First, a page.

Last Night Spreading the Jam
posted by March 24 at 12:46 PMon
Who needs SXSW when you can see four bands at three venues in six hours, all within your own hometown? Last night Seattle really represented on the musical front in seemingly very disparate styles. But by the end of the evening a common thread became apparent, and it’s not what you’d expect.
First up was the Illuminasty Trio, Skerik’s latest mutant jazz monster, at the Triple Door. With Skerik on saxophonics, doctoring his horn with an array of effects, digital and pedal-driven; Mike Dillon on vibraphone, drum kit, and tabla; and New Orleans veteran Andrew Singleton on bass, Illuminasty took all of those hyphenated -jazz threads (out-, free-, skronk-, whateva-) and pulled at them to the point of fraying. These guys didn’t just play their instruments, they played with their instruments, tapping, rubbing, scratching, pulling, blowing, smacking as if these things weren’t designed for a specific purpose but as just general noisemakers, mining unexpected and often hilarious sounds.
Local jazz hero Wayne Horvitz emerged halfway through the set to sit in on grand piano, plucking and pounding on the strings inside the frame as much as fingering the keys. The first half-hour or so was absolutely mesmerizing, each number offering a novel way of utilizing standard instruments to create wild, atmospheric soundscapes with nary a groove or melody to be heard; those novelties stood out less after a while. By the end of the hour and a half set, the band decided on a groove, and their final number actually approached the out-funk that Horvitz, Skerik, and Dillon know so well. Skerik plays in a huge number of totally different bands, turning from metal to funk to free jazz to bop to rock without hesitation. Amazingly, his fans are just as fearless, even following him into the outer space realms that Illuminasty ventured into.
From there it was a quick walk to the Crocodile for Whalebones and Cave Singers. Whalebones had a great buzz going on right from the start, playing with that ideal two-whiskey high that’s warm and loose and upbeat and just short of sloppy or angry. Somehow it’s OK to get away with head-back guitar solos and boogie-woogie jamming as long as the volume is loud enough and nobody in the crowd’s wearing Birkenstocks or patchwork. Lead singer Justin Deary’s thin voice matched his too-short hair, both of which seemed a bit out of place in a shaggy, shambling garage-psych-blues band like Whalebones. But when they shifted into all-out, guitar-driven overdrive the music made perfect sense.
Seated and cozily lit by a lamp on top of a stage monitor, the Cave Singers played midnight work songs for dying coal miners, distant and eerie and full of scarred soul. Singer Pete Quirk was flanked by two acoustic guitarists, occasionally slapping a tamborine against his thigh but mostly content to let his strong, creaking vocals tell the story. They finished with Quirk on electric and one of the other guys on drums on a haunting electric folk dirge. The crowd was surprsingly attentive during the quiet set, riveted by the trio’s earthy, broken blues.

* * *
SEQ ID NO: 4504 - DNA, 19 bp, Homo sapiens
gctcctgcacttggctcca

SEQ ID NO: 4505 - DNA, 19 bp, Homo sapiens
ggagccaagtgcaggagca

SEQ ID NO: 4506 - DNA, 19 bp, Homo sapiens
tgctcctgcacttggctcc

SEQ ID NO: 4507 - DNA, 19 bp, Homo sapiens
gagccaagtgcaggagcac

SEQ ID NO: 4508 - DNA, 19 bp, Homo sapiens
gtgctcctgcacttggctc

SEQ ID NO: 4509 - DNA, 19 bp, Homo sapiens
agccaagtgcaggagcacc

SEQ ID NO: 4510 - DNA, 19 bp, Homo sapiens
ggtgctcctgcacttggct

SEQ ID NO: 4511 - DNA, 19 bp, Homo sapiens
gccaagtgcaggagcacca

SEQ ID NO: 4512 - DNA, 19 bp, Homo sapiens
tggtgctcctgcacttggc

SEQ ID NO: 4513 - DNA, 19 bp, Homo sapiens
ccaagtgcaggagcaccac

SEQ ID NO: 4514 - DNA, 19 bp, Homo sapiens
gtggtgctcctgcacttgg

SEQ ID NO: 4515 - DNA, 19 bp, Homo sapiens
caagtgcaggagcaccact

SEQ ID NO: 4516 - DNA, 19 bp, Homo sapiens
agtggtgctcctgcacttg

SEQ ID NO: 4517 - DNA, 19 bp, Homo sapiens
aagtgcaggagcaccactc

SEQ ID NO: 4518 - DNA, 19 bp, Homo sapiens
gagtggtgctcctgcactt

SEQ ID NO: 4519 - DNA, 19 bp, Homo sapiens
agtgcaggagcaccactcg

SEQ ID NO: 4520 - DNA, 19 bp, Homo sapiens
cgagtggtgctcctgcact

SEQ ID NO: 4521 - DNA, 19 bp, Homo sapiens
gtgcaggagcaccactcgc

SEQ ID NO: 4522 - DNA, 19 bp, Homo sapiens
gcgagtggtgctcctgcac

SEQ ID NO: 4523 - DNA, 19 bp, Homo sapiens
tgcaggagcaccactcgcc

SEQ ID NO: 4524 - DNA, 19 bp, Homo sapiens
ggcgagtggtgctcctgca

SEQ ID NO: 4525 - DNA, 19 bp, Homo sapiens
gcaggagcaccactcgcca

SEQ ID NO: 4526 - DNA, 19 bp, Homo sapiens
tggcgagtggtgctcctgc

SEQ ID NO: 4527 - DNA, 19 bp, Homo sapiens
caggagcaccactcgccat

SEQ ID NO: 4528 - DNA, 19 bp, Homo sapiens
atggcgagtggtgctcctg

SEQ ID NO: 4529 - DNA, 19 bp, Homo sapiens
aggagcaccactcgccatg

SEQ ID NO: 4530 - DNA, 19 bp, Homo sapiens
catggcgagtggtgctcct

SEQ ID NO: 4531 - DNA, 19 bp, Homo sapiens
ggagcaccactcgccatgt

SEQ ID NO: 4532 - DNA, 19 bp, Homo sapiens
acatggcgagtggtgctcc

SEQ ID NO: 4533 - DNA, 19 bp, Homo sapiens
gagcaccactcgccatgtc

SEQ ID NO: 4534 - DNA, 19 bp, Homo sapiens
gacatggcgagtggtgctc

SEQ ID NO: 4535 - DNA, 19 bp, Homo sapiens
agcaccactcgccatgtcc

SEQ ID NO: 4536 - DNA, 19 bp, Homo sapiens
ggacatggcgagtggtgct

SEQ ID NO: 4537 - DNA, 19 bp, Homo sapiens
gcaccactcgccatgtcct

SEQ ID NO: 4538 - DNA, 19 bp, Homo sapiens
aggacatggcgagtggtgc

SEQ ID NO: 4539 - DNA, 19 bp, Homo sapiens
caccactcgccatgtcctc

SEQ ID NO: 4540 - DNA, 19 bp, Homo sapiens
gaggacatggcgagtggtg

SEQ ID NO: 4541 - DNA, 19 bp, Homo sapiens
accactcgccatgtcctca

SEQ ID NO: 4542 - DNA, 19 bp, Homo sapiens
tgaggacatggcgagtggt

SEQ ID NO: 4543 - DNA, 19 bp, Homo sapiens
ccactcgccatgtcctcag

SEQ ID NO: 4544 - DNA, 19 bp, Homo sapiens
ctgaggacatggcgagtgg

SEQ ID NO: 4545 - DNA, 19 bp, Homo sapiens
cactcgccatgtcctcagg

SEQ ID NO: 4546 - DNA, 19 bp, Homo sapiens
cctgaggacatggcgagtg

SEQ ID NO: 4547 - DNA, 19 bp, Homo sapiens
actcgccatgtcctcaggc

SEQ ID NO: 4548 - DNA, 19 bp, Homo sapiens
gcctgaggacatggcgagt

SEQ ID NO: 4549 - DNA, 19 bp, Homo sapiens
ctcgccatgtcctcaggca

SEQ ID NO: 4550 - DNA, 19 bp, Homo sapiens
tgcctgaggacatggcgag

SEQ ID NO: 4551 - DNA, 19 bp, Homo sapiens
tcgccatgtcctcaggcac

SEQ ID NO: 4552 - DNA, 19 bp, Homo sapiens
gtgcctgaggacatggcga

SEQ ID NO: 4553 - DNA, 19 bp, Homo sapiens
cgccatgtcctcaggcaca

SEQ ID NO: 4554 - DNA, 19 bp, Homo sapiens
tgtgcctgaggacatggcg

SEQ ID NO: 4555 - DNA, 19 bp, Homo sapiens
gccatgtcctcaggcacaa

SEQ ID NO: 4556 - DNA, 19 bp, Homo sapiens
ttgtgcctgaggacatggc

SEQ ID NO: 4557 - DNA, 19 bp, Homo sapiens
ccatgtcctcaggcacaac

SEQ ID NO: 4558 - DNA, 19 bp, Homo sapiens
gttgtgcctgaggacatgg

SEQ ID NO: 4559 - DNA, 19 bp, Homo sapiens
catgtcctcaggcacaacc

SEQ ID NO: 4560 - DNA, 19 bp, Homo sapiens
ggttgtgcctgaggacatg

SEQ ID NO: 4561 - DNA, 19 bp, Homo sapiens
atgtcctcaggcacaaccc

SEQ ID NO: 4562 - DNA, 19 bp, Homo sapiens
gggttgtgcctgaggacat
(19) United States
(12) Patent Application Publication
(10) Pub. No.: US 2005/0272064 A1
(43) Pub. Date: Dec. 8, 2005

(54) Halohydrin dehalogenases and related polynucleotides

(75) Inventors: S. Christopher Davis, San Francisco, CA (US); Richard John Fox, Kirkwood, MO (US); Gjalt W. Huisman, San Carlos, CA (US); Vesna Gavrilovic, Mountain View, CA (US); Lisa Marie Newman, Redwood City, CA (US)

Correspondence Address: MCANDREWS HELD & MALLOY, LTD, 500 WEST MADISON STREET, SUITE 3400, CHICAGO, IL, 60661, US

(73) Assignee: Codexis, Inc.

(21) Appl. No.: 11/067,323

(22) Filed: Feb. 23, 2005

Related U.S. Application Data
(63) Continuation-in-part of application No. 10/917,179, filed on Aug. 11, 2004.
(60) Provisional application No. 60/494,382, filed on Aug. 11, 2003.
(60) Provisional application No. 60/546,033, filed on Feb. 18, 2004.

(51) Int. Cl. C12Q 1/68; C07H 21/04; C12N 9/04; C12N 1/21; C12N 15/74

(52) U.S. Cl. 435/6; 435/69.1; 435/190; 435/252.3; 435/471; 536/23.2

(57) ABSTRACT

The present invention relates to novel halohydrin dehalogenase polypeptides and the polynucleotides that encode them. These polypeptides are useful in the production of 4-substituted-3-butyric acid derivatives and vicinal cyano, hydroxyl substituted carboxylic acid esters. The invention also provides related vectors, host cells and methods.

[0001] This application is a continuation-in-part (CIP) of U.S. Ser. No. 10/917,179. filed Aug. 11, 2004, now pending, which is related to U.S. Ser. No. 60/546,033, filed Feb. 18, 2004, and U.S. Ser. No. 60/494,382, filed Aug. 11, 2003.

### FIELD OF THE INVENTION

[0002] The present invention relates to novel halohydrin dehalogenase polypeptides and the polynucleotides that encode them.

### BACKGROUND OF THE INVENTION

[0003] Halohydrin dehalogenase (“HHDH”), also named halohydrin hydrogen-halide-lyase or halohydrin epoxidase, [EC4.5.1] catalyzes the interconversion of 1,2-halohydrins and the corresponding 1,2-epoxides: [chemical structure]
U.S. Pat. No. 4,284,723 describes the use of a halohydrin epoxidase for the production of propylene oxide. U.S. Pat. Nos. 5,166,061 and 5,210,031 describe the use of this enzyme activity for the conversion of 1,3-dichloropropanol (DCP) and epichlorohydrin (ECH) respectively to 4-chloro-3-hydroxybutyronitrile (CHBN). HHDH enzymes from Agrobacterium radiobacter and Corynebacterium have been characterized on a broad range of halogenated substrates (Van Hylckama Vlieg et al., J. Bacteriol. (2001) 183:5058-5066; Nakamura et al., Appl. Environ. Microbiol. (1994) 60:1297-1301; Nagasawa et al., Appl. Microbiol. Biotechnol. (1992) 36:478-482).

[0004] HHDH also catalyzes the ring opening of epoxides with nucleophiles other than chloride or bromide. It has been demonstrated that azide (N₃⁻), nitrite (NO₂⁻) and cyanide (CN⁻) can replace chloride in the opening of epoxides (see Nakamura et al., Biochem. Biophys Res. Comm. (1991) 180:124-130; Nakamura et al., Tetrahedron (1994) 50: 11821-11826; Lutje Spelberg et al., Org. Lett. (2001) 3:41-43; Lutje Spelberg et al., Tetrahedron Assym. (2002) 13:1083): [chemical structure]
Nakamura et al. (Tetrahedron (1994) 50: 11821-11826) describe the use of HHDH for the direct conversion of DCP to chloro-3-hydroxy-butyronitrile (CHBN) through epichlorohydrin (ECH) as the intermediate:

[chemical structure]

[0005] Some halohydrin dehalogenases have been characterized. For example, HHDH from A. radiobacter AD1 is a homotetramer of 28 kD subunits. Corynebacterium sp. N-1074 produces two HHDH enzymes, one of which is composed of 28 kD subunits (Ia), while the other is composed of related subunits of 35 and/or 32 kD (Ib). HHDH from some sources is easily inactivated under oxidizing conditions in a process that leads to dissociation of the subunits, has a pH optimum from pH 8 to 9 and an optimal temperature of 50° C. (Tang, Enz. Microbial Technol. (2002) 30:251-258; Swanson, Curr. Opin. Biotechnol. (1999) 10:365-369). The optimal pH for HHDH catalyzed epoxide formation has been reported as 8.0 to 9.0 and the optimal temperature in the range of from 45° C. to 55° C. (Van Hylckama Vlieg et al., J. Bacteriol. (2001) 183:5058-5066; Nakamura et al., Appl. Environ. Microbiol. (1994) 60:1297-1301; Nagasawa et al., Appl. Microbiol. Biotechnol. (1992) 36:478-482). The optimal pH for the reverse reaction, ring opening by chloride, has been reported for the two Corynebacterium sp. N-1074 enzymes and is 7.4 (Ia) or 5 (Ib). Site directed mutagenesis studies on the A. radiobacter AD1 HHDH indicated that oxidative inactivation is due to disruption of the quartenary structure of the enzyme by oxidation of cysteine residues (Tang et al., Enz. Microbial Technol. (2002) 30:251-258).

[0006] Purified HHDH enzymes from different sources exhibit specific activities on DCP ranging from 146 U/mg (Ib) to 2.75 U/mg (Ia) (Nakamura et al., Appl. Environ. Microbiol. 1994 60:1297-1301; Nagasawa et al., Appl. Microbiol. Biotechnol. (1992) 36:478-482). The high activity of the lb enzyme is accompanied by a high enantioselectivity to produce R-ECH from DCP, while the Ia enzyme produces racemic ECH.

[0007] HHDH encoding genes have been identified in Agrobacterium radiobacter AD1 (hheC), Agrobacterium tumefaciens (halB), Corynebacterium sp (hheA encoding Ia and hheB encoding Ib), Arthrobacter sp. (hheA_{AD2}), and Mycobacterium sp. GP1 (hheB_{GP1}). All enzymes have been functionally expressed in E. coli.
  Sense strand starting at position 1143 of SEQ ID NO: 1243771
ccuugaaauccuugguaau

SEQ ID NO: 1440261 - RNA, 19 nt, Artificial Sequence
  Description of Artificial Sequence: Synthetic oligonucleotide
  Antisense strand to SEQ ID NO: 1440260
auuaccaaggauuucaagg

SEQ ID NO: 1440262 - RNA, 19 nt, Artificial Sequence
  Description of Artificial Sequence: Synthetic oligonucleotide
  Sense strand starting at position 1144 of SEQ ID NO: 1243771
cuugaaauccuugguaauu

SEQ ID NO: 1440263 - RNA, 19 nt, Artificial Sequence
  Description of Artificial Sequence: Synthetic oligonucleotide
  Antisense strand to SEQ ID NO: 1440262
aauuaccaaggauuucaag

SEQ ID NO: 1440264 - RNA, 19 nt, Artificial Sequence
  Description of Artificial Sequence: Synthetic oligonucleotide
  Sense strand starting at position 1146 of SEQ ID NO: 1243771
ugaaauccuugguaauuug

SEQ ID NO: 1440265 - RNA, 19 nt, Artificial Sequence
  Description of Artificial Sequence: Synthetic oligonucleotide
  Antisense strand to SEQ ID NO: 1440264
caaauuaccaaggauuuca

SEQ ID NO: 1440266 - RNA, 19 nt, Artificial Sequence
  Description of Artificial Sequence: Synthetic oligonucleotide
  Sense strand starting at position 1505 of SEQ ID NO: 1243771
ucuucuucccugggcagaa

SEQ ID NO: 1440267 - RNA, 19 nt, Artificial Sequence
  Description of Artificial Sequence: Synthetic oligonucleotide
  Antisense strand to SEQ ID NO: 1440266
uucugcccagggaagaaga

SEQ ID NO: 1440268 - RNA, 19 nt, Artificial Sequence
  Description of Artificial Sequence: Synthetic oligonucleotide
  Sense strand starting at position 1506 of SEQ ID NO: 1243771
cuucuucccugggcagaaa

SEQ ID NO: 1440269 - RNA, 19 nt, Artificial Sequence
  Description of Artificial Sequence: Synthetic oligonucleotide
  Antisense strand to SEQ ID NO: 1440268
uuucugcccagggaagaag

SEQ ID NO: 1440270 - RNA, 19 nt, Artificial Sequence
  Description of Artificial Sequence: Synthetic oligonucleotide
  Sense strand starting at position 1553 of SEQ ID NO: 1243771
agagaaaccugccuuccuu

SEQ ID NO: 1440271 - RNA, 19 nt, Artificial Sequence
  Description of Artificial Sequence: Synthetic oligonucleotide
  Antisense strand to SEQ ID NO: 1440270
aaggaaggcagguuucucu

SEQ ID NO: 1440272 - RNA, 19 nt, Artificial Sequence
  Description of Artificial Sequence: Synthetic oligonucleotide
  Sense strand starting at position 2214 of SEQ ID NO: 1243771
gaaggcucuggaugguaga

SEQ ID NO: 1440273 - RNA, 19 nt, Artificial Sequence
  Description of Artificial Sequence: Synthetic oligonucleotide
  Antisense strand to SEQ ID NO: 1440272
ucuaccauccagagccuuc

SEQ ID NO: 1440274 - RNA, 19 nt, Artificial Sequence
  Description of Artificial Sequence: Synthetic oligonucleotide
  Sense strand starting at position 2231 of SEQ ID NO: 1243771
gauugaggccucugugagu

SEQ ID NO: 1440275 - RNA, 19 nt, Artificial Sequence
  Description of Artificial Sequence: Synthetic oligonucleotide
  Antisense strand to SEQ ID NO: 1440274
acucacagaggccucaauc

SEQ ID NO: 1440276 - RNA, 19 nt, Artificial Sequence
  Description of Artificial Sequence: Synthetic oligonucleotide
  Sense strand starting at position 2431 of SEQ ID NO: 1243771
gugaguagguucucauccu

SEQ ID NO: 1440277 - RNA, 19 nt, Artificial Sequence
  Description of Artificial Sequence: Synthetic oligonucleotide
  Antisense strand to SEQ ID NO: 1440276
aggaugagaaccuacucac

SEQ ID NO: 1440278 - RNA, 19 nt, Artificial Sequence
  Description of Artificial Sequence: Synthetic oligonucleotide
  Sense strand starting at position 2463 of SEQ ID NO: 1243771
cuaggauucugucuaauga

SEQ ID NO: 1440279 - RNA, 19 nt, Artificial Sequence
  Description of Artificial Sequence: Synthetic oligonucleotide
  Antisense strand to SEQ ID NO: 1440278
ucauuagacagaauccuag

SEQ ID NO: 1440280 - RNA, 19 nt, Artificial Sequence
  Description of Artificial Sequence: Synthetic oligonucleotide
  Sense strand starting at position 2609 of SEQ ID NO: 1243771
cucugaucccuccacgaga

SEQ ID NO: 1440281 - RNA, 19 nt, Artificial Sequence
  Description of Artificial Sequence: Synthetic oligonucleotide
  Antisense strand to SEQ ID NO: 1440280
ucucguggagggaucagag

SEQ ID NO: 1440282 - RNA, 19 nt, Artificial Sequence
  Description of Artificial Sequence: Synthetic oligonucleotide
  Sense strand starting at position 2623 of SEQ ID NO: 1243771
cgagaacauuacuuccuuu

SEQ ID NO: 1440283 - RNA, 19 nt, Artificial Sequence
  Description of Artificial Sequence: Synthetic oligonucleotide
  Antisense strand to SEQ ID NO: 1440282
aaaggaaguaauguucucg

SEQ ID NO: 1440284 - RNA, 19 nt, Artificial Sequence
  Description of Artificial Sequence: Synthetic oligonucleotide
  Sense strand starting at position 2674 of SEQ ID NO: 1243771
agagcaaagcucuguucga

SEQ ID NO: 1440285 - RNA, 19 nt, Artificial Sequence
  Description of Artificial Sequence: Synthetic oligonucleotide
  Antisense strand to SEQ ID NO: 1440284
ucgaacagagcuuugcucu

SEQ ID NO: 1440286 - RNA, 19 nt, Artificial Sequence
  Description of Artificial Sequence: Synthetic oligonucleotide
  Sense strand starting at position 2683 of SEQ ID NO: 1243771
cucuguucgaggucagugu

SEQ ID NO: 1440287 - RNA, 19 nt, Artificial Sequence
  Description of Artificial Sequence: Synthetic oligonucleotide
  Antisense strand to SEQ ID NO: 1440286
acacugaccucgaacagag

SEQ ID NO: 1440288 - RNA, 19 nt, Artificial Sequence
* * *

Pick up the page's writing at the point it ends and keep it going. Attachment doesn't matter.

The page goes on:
And then it was off to Chop Suey for OOIOO, the fourth group I’d never seen and the greatest surprise of the evening (check out Sam Mickens’ story about them in this week’s Stranger). Led by Yoshimi P-We of the Boredoms, the all-girl Japanese fivepiece were yet another iteration of jam band, unraveling bouncy, beat-driven, freestyle music impossible to define. Backed by a drummer, a conga player, a bassist, and a guitarist, Yoshimi led the group in weird, chirpy chants and call-and-response, like a tree-ful of squirrels and sparrows at an all-forest pep rally. I don’t speak Japanese but I’m pretty sure they weren’t either. Throughout the set, Yoshimi switched from guitar to trumpet, injecting little poppy melodies over the percolating percussion and hypnotic guitar riffs. The crowd reacted either by staring and gaping or totally letting loose. It wasn’t pop or rock or anything else familiar, but it was infectious and fun as hell.
And there you have it—jam bands are hot. From Skerik to Whalebones to OOIOO, each of these groups played with a free-wheeling, improvisational abandon, letting the moment take the music wherever it was meant to go. There were all clearly well-practiced and well-focused, yet they traded strict adherence to song structure for thrilling, off-the-cuff adventurousness. After Whalebones’ set, singer Justin Deary confessed his appreciation for the Grateful Dead; Skerik plays with Galactic and Les Claypool; there was a taper in the back of the room at OOIOO. Killer musicianship, innovative sounds, and changing attitudes are wearing away the stigma attached to the word “jam.” Pretty soon patchwork will be the new tight jeans.